Monetary policy focus
Asian markets saw a coordinated sell-off alongside the US as unease surrounding an accelerated lift in rates creeped in ahead of Fed chair Jerome Powell’s first testimony to Congress. Against the perception set by last Friday’s monetary policy report, the lift in expectations for four hikes through the week certainly saw global equity markets coming under stress. This theme persists into the fresh week as we await February’s labour market update next week, the key event in the week for US monetary policy watchers.
One would recall that the upside surprise in January’s average hourly earnings fed into the recent bout of volatility as markets adjusted their rate hike views. A repeat of February’s turmoil should not be ruled out as we welcome updated figures, where positive labour market expectations certainly appear to be the case. The current market consensus points to figures little changed from last month’s strong 200k job additions, 4.1% unemployment rate and 0.3% month-on-month (MoM) wage growth. Economists have also noted indicators such as January’s Institute of Supply Management (ISM) non-manufacturing index’s employment sub index all point to a tighter labour market, supporting the abovementioned likelihood. An update of the ISM non-manufacturing index will be seen on Monday prior to Wednesday’s Automatic Data Processing employment change, ones to follow ahead of Friday’s release. A string of Fed speakers including the much missed Governor Lael Brainard will also be due on the wires.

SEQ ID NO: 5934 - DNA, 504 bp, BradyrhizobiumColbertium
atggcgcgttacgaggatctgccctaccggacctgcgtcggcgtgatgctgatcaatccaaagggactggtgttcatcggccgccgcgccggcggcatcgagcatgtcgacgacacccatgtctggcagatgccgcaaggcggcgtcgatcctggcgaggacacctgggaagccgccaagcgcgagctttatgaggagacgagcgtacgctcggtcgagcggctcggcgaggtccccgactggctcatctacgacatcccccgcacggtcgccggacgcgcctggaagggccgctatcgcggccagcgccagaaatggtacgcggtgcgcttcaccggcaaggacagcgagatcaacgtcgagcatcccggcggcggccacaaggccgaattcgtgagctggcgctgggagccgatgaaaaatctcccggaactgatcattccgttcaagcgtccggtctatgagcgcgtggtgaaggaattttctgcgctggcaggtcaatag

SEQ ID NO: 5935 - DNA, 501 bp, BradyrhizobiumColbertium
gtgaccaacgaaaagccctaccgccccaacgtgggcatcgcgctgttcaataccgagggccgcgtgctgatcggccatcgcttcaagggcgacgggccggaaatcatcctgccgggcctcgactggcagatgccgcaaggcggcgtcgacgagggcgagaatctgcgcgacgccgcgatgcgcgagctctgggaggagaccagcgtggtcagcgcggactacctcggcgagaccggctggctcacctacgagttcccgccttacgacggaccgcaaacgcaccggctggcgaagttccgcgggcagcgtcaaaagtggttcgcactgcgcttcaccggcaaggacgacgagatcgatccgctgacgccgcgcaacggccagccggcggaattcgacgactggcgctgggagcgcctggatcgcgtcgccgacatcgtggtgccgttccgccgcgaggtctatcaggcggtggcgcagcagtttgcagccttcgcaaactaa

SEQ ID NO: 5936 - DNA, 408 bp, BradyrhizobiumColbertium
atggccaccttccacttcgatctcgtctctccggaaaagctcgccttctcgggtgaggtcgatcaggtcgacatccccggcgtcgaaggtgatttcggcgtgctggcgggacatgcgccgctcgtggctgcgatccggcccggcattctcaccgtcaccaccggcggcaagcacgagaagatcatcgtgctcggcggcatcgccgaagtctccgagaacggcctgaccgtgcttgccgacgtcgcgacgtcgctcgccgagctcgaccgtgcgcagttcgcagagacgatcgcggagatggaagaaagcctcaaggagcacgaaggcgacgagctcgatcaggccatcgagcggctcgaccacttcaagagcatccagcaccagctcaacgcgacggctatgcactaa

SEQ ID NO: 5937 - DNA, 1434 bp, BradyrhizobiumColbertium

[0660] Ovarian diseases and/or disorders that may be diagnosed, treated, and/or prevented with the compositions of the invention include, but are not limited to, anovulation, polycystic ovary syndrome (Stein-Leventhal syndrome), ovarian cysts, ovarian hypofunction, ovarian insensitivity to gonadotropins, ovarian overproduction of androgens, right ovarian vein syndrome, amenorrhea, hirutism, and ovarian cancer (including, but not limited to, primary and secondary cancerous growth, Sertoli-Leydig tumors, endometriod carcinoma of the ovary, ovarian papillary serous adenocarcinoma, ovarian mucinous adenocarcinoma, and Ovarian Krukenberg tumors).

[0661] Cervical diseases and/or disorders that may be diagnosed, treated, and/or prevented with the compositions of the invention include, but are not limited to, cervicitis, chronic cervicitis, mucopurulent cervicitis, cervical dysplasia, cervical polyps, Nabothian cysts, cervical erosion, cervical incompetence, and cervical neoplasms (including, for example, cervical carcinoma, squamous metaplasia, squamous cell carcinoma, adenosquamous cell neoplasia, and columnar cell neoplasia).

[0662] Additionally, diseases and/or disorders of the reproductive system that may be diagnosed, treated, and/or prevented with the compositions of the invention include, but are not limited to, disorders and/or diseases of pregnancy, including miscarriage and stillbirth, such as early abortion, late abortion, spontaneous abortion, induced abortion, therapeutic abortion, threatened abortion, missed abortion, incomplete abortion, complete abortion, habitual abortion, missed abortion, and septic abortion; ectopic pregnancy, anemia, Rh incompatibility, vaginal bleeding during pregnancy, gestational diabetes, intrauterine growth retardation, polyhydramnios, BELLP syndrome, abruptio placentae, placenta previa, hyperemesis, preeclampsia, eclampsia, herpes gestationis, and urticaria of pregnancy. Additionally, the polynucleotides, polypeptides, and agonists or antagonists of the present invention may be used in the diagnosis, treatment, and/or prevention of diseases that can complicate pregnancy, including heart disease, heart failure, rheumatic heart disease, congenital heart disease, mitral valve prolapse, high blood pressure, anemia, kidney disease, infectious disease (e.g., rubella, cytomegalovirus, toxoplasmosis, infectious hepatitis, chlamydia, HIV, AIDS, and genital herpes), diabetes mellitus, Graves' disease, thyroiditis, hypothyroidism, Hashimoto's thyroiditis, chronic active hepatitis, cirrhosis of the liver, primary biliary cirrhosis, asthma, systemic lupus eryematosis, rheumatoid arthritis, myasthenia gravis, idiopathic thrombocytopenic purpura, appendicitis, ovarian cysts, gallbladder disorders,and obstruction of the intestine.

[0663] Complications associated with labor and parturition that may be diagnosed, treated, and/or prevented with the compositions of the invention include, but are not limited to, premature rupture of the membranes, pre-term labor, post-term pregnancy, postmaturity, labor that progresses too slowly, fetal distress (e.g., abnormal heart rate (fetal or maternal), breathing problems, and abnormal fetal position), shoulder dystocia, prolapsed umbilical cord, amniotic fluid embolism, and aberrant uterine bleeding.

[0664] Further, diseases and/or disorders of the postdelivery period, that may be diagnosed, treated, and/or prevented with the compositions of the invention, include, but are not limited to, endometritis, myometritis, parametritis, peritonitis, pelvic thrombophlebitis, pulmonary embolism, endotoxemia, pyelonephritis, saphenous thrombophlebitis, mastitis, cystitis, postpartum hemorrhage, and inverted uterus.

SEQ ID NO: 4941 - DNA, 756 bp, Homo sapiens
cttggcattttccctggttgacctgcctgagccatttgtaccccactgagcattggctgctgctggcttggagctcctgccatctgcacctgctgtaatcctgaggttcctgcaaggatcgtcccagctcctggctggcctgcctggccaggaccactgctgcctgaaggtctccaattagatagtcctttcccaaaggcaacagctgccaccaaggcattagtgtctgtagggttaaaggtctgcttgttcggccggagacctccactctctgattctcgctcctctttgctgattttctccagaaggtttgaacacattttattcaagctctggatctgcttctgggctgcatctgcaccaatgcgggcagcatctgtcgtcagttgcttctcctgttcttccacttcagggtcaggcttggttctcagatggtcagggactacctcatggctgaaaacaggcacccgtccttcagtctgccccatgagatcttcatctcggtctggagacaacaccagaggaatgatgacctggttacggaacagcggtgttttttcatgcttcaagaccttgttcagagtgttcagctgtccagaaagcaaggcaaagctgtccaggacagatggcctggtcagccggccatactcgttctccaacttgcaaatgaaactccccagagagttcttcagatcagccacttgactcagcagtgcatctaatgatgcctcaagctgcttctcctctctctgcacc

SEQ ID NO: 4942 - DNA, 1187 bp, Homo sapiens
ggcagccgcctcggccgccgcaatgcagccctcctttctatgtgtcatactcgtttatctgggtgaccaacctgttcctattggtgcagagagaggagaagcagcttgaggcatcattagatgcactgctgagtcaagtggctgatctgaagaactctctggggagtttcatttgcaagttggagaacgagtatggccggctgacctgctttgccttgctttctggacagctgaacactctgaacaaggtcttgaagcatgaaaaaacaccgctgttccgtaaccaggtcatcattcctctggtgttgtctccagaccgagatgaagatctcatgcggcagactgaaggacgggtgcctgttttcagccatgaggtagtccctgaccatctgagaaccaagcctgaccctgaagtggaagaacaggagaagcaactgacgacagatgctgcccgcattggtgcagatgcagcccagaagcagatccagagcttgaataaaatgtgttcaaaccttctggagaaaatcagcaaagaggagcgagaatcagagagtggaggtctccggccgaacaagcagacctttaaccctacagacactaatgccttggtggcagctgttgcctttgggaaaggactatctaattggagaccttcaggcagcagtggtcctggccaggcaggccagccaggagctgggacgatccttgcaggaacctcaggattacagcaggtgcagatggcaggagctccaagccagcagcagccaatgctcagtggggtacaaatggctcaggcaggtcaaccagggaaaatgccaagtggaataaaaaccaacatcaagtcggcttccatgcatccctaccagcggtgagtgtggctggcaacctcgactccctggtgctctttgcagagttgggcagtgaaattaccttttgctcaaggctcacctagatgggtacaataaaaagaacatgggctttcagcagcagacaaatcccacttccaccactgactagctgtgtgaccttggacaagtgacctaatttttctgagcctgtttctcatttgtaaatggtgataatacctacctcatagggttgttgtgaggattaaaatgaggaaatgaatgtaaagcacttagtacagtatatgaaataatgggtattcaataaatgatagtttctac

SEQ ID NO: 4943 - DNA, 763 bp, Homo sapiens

Central bank meetings
Speaking of monetary policy, we also have a slew of central bank meetings expected in the week ahead, commencing with the Reserve Bank of Australia on Tuesday, followed by Bank Negara Malaysia and Bank of Canada on Wednesday. The European Central Bank (ECB) and Bank of Japan, two of which that had strongly inspired tightening expectations at the start of the year, also decide monetary policy on Thursday and Friday respectively. No changes are expected from all of which, though forward guidance particularly from the ECB may be of interest with more hawkish intonations anticipated, one to watch for EUR reactions post Sunday’s Italian elections.
China’s NPC and trade concerns
Taking the baton from monetary policy in trampling upon equity markets this week had been trade concerns, ignited by President Donald Trump’s latest plan to introduce tariffs upon steel and aluminium imports. Details of the plan are expected to be unveiled next week, though more importantly, reactions from US’ trading partners such as China remains to be seen in the lead up to the country’s 2018 National People’s Congress (NPC). The country’s stance would be the crucial one for Asia markets, though likely measured despite the string of provocations. Meanwhile, further actions by other major trading partners should not be ruled out, with Canada and the European Union ones to have pledged countermeasures in the near future thus far.
Watch for details on economic policy and growth in China’s upcoming NPC, while a slew of Chinese data such as the Caixin services Purchasing Managers' Index, trade and also inflation will be released in the week for Asian markets to track.